Foreword The idea for ‘Drawing on Age’ originated from a project proposal in the early 1990s that planned to draw down stories from elderly residents of Loughborough on their memories of entertainment, hobbies and pastimes. That project never took place but was the seed for pilot work undertaken as part of the Charnwood Arts groundbreaking millennium programme ‘People Making Places’. This new approach, undertaken by local artists Val Singh and Tony Zajciw, was based around the simple idea of ‘conversational portraiture’. The process of drawing out and recording memories through dialogue, as the artists built a relationship with the sitter, was designed to contribute to the on-line galleries and stories of People Making Places. Now, nearly twenty years later and with a further iteration of People Making Places, through live projects and on-line, Drawing on Age has come of age again. With a generous grant through Marks and Spencer’s Charity of the Year scheme, artist Jacqui Gallon has worked with us to complete this first book working with Diana Firth to share some of her remarkable life. Who knows what other remarkable and untold stories exist within the living memories of other elderly local residents? Already Jacqui is working with us on a second project focused on the lives of three former workers on the Paget Estate. As we creatively enlarge the ways in which we can embrace the idea of ‘portraiture’ we hope to capture many more stories that share the lives and learning of local people. Kevin Ryan CEO - Charnwood Arts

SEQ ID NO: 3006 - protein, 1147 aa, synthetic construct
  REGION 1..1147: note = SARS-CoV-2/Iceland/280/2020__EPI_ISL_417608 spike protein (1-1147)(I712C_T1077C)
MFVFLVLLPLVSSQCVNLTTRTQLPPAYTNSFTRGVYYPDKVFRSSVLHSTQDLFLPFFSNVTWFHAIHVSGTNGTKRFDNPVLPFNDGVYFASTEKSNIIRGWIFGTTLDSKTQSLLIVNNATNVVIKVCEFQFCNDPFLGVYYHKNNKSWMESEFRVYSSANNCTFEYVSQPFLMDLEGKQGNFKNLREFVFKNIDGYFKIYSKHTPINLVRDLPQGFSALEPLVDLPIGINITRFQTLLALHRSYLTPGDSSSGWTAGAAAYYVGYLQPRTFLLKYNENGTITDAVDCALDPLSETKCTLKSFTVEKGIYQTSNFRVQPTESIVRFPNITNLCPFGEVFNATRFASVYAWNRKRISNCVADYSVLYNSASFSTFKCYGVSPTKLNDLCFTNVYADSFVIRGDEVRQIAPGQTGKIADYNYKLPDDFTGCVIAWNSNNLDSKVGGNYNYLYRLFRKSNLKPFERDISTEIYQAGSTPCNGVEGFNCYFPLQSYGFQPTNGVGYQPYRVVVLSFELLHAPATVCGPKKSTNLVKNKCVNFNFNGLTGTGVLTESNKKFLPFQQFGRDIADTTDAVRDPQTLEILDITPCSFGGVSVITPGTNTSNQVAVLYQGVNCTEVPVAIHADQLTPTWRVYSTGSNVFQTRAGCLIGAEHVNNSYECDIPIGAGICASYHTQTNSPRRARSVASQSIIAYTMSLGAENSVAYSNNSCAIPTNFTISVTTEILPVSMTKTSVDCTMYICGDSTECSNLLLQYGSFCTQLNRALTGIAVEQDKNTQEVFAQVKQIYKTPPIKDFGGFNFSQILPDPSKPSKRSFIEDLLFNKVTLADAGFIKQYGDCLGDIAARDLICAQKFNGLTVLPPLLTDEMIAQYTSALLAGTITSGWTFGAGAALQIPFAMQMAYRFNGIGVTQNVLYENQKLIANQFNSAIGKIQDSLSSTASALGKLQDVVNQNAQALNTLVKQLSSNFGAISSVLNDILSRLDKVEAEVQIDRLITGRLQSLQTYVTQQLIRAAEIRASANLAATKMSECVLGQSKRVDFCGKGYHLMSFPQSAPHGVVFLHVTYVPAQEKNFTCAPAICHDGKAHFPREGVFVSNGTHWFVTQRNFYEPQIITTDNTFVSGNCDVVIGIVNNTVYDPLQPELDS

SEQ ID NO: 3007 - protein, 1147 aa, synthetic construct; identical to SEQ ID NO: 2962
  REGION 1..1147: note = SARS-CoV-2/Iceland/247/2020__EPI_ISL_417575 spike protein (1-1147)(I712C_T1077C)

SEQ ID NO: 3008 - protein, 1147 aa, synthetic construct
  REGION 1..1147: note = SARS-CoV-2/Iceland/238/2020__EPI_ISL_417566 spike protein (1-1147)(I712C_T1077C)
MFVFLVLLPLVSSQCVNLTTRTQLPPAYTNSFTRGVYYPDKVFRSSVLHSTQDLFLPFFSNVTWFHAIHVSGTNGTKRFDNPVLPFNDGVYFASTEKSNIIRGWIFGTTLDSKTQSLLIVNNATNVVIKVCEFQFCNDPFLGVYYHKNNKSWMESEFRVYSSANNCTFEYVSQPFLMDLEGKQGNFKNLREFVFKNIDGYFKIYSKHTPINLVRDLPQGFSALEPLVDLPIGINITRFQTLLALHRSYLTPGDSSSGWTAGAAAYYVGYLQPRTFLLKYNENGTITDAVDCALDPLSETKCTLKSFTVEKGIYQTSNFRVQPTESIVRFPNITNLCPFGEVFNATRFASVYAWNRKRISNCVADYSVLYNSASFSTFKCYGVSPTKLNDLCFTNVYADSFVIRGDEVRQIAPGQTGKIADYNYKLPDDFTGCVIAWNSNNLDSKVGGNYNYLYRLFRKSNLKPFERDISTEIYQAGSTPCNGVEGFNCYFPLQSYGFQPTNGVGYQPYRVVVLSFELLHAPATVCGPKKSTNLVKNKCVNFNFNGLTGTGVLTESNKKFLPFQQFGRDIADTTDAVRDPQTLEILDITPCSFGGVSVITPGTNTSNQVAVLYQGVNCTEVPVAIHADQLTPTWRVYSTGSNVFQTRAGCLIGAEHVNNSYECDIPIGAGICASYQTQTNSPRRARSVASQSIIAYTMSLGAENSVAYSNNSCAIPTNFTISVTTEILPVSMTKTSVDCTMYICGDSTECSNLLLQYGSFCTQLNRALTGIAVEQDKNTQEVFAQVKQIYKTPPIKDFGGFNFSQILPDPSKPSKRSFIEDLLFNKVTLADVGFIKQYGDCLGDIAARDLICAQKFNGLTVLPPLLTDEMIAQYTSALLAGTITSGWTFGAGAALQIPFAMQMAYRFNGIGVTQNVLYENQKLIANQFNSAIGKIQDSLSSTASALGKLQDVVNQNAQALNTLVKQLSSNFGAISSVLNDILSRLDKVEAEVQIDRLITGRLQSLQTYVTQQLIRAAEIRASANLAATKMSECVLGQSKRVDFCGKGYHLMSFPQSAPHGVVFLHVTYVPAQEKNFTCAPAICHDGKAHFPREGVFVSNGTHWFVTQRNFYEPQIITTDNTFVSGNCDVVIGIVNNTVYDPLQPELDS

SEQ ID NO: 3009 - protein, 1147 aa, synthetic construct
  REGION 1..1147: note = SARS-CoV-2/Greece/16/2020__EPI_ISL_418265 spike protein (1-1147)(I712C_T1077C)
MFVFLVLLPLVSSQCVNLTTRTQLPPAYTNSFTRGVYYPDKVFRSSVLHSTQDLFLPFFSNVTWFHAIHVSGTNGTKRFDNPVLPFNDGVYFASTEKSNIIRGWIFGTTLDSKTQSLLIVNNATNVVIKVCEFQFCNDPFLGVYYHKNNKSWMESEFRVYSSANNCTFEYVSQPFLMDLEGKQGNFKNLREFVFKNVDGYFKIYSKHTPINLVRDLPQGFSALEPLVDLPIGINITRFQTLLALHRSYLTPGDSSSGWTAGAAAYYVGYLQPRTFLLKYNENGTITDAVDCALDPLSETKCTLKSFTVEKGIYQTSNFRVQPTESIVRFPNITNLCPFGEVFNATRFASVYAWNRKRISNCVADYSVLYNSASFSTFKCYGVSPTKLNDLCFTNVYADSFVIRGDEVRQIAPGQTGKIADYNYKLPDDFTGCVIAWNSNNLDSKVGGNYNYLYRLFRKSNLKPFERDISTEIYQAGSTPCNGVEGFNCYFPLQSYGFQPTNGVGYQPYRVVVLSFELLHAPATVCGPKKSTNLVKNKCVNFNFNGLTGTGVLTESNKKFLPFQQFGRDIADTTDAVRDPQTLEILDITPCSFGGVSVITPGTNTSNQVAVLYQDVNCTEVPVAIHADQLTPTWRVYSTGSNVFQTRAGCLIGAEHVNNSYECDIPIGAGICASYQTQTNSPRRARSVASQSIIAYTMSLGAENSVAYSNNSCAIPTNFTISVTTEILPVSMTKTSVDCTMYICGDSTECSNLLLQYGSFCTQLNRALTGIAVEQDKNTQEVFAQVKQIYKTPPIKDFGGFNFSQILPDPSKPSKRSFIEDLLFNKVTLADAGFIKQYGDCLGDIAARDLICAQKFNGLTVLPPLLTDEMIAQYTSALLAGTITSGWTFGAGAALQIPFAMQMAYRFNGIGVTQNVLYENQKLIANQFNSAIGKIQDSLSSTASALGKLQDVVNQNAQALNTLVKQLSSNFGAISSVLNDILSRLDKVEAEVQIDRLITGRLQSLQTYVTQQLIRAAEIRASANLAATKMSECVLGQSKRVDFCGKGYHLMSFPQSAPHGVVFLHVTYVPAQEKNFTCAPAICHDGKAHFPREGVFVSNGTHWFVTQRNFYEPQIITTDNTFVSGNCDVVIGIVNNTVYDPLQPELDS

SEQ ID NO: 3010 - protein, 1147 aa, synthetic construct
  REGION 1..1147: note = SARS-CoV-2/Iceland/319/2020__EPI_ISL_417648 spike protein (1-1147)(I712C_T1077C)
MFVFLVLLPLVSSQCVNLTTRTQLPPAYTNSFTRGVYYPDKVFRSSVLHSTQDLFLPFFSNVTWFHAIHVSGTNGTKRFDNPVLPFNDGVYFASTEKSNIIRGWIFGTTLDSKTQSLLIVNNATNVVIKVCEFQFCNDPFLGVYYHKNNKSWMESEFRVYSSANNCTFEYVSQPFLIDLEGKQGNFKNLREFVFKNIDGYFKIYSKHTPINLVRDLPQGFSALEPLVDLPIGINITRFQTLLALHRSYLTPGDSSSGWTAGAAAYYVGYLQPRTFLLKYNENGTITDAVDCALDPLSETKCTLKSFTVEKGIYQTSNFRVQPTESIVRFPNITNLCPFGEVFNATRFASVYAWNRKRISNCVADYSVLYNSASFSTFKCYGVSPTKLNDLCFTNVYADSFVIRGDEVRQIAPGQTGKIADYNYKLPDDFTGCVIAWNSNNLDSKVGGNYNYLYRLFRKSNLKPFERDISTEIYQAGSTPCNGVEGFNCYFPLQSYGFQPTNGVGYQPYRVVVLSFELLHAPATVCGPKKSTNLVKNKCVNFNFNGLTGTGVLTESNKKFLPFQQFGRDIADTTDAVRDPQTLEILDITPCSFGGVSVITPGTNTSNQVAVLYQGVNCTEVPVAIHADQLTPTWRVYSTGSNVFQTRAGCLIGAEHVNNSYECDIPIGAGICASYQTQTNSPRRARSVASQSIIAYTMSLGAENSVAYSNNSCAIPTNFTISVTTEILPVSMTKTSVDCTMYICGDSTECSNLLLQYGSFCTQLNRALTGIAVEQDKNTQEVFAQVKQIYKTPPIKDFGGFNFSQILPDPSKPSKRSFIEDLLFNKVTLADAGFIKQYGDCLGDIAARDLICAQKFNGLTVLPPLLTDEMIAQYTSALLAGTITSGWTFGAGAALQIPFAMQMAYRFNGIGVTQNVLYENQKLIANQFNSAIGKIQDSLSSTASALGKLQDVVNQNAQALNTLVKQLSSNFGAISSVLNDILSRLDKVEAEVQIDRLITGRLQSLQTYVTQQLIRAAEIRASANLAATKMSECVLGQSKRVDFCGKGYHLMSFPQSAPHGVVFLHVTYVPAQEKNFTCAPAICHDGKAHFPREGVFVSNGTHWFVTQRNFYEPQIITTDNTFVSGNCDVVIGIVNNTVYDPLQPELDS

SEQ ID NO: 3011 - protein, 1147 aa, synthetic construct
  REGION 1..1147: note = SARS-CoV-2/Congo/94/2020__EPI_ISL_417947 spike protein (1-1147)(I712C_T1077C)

Diana with the many diaries and journals detailing her adventures and observations over more than 50 years. 8
Prologue Drawing on Age “A human being would certainly not grow to be seventy or eighty years old if this longevity had no meaning for the human species... The afternoon of human life must have a significance of its own and cannot be merely a pitiful appendage to life’s morning.” (Carl Jung)